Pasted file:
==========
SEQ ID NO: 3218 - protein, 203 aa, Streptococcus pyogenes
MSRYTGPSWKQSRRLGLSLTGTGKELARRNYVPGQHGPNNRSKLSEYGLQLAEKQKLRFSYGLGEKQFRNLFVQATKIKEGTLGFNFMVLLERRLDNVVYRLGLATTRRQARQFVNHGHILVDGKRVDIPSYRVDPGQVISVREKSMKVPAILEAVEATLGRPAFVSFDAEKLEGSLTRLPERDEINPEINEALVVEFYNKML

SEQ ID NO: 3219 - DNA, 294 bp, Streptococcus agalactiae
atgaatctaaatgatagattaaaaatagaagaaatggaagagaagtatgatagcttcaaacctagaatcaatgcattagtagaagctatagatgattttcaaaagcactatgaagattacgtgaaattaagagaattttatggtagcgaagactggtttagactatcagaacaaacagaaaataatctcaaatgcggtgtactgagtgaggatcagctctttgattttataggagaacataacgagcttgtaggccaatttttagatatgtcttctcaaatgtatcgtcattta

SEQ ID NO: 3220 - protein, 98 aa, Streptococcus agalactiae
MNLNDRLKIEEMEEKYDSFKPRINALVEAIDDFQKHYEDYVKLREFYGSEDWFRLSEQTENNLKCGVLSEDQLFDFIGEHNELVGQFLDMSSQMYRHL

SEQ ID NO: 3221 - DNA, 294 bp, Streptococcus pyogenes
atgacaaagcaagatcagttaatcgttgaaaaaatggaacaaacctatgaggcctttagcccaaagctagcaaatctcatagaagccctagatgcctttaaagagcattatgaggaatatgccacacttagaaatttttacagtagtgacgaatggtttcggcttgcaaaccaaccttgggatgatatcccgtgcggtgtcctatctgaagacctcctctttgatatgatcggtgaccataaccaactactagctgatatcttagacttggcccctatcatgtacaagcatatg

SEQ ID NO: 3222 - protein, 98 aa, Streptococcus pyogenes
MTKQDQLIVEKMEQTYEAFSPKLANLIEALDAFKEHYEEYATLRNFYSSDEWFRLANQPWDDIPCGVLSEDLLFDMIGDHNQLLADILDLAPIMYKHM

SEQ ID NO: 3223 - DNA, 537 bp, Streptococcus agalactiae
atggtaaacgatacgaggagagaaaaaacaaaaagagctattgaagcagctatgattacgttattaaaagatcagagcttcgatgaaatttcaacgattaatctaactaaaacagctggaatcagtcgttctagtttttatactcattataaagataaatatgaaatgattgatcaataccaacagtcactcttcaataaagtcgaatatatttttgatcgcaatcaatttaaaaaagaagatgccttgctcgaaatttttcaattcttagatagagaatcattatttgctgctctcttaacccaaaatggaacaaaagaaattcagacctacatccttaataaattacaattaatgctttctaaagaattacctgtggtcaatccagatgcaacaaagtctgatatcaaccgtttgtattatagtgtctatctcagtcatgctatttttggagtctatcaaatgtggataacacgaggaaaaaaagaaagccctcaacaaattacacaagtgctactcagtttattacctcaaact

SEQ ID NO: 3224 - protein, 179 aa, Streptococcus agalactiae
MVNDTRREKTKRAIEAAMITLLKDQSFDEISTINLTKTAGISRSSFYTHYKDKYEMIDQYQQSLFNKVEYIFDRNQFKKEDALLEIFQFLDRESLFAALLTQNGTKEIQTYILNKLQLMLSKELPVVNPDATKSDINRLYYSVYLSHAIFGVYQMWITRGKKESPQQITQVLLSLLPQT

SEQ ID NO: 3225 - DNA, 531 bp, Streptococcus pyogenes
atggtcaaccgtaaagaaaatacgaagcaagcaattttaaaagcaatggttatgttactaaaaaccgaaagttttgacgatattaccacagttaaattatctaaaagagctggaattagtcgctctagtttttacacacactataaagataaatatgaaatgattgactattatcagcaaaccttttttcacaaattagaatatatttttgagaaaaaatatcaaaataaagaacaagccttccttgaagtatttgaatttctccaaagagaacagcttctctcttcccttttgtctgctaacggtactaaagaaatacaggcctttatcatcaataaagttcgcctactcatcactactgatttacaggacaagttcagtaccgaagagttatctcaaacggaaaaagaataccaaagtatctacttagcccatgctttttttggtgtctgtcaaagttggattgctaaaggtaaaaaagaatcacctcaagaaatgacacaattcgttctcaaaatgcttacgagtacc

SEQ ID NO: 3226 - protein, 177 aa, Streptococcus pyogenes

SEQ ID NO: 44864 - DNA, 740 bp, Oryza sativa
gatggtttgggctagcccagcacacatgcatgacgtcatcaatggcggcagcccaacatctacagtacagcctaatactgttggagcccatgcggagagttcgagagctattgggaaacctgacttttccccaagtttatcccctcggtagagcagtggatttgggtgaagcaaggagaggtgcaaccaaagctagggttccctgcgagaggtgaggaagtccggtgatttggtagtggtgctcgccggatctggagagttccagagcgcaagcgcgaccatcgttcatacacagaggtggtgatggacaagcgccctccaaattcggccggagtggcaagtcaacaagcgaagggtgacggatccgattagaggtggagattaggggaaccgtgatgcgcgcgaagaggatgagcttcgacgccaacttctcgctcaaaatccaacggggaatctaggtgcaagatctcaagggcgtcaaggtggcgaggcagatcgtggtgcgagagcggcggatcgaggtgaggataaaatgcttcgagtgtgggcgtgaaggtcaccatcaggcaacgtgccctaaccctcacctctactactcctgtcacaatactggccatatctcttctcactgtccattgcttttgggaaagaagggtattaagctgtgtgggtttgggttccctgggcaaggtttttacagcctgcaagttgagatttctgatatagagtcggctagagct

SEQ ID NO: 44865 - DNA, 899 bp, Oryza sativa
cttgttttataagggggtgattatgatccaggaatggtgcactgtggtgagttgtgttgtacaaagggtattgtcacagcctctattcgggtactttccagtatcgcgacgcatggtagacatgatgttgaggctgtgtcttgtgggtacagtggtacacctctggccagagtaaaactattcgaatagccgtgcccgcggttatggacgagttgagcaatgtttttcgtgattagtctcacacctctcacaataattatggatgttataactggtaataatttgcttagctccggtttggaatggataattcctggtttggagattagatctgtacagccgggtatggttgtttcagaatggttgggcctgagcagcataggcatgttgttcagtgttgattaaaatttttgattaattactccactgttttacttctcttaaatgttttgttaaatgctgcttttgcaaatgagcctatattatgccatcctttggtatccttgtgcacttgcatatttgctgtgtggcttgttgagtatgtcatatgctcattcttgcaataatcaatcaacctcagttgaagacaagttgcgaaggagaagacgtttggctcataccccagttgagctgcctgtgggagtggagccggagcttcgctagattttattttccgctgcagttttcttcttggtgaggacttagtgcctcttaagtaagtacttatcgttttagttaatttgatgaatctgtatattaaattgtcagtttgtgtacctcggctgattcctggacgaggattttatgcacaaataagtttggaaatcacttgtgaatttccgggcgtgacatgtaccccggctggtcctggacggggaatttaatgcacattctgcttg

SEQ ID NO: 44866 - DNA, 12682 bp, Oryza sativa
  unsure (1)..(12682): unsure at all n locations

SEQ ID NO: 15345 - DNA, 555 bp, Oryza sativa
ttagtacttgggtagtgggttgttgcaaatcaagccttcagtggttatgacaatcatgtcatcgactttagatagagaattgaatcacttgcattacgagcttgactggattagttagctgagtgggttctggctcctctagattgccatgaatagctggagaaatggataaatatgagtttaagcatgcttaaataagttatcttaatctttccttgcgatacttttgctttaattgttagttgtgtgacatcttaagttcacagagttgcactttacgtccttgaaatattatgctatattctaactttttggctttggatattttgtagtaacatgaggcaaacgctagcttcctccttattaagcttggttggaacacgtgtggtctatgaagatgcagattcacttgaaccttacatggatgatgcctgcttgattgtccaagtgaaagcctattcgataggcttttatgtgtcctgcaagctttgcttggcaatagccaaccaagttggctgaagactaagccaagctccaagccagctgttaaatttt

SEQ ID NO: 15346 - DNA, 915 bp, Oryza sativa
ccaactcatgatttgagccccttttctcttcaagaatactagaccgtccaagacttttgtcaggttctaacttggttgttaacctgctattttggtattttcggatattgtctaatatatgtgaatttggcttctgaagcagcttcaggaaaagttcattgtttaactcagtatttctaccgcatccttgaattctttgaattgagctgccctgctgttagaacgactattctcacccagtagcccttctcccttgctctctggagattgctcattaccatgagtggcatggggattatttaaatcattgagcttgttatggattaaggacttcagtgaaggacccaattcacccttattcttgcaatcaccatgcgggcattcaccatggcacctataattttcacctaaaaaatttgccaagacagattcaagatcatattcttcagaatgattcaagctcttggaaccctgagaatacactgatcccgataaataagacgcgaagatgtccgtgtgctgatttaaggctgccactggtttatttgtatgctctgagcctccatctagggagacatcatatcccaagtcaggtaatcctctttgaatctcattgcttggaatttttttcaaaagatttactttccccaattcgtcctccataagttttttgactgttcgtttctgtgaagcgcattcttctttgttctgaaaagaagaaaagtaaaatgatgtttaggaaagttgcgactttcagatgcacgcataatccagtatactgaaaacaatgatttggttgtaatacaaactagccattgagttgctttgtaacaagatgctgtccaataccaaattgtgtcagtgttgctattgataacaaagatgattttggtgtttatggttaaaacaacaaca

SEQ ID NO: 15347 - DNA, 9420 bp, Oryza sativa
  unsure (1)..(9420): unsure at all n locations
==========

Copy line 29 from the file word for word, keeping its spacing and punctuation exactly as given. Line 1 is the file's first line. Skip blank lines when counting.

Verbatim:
  unsure (1)..(9420): unsure at all n locations